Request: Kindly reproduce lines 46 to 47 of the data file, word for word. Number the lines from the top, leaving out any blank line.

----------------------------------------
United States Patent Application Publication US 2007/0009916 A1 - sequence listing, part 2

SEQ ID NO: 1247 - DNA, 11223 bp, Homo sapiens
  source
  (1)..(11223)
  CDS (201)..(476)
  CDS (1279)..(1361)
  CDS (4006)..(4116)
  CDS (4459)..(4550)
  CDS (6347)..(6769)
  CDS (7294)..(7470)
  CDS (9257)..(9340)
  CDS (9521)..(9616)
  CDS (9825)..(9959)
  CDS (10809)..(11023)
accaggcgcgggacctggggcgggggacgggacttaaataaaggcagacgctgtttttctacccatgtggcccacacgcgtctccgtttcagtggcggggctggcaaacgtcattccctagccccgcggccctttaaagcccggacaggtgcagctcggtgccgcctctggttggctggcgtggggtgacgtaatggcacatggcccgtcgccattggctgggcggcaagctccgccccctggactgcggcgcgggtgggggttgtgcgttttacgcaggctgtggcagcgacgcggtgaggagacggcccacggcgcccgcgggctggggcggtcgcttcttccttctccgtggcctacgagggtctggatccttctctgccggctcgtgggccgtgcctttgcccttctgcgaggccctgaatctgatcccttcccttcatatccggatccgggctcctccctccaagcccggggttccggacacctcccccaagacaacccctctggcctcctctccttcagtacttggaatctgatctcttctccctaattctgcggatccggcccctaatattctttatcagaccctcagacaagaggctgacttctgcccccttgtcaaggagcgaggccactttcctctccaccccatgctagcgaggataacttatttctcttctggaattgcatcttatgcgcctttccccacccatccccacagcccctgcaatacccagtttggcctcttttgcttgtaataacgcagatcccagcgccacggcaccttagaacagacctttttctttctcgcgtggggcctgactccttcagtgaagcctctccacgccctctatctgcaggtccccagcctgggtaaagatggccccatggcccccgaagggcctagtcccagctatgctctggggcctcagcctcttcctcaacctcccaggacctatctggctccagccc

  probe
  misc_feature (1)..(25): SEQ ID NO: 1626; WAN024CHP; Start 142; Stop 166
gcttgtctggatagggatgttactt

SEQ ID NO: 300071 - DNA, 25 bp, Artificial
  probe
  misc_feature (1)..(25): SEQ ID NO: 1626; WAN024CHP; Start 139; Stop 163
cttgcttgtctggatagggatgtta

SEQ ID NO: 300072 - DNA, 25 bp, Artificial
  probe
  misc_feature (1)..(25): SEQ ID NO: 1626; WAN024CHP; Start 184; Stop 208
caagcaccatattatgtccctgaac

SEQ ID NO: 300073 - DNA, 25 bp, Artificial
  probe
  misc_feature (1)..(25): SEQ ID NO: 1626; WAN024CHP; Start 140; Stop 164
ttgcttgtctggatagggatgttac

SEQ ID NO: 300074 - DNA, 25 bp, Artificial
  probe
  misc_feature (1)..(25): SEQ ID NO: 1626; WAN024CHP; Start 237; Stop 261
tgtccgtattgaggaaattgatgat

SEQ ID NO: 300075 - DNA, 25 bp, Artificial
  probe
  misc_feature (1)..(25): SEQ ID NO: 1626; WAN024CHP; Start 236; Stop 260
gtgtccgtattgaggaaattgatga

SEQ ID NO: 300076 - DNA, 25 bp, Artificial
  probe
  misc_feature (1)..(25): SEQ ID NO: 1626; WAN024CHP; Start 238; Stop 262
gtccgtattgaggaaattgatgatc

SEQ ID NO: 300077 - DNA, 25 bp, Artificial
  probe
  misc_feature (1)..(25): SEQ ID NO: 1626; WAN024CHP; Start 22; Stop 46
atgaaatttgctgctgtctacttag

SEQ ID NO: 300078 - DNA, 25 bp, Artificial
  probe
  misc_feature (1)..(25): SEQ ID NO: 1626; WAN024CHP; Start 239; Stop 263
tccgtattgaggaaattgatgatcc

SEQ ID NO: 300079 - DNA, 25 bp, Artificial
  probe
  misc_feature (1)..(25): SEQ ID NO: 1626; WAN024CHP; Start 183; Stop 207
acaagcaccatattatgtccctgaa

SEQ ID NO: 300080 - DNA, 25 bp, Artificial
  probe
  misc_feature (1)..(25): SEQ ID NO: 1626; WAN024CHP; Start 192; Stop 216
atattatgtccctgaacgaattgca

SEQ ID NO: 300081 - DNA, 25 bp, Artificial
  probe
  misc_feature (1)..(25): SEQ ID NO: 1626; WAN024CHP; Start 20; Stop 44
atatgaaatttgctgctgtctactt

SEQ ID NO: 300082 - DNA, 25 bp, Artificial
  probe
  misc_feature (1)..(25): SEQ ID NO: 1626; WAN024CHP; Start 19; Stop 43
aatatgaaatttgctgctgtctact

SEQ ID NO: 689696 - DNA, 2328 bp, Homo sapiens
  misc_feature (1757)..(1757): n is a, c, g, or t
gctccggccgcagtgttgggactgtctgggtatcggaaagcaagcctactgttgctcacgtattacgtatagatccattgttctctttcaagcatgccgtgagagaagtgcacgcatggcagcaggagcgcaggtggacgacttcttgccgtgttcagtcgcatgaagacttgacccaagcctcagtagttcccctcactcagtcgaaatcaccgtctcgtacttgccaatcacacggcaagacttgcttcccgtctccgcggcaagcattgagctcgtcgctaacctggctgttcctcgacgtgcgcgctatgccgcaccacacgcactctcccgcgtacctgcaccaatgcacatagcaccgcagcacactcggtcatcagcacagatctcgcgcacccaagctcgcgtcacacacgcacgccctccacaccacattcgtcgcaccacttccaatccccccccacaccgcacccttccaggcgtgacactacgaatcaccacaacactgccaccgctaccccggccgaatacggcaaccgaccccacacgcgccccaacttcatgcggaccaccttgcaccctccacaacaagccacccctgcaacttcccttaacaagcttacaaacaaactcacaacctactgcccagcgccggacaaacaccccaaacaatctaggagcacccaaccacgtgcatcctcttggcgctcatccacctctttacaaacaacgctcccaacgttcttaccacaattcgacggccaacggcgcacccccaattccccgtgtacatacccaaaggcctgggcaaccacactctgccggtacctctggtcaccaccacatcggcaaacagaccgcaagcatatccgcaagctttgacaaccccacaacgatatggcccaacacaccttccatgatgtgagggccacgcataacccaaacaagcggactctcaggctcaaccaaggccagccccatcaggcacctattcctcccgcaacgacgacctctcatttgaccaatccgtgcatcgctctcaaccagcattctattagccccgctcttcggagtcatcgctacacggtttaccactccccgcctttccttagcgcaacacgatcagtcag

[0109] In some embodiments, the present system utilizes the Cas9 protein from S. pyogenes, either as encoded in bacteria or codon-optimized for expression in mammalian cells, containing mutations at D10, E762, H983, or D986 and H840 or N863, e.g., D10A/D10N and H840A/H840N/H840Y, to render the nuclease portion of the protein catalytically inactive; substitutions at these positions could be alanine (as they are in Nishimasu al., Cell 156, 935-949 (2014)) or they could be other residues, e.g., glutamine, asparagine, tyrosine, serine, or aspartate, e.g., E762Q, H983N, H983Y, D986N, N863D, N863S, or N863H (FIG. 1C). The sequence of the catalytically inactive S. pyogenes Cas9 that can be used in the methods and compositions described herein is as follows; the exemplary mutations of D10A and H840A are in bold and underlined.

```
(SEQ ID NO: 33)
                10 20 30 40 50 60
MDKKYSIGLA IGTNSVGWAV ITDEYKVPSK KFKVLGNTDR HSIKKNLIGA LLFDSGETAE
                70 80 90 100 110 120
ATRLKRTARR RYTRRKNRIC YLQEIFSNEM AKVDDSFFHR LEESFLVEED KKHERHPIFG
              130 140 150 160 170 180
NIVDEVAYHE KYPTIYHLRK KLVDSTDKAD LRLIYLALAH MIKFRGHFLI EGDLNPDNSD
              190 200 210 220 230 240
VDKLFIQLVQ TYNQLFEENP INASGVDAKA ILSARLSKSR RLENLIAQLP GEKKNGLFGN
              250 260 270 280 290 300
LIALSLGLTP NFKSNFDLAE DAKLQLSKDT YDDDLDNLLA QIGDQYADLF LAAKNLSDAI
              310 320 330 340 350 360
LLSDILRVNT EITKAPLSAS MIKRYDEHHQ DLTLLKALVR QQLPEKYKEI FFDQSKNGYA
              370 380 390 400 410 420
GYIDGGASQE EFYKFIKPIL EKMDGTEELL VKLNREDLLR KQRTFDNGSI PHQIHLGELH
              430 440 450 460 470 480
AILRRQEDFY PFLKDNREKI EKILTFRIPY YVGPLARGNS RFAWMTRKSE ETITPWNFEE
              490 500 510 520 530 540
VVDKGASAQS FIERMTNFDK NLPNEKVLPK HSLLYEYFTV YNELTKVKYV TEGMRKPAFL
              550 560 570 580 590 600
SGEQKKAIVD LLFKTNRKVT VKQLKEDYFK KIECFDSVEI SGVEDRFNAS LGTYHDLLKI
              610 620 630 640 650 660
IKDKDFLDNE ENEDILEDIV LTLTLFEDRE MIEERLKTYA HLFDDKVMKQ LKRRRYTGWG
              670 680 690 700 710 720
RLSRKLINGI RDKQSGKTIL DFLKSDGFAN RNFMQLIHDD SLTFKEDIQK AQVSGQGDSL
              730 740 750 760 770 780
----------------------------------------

atgaaatttgctgctgtctacttag

SEQ ID NO: 300078 - DNA, 25 bp, Artificial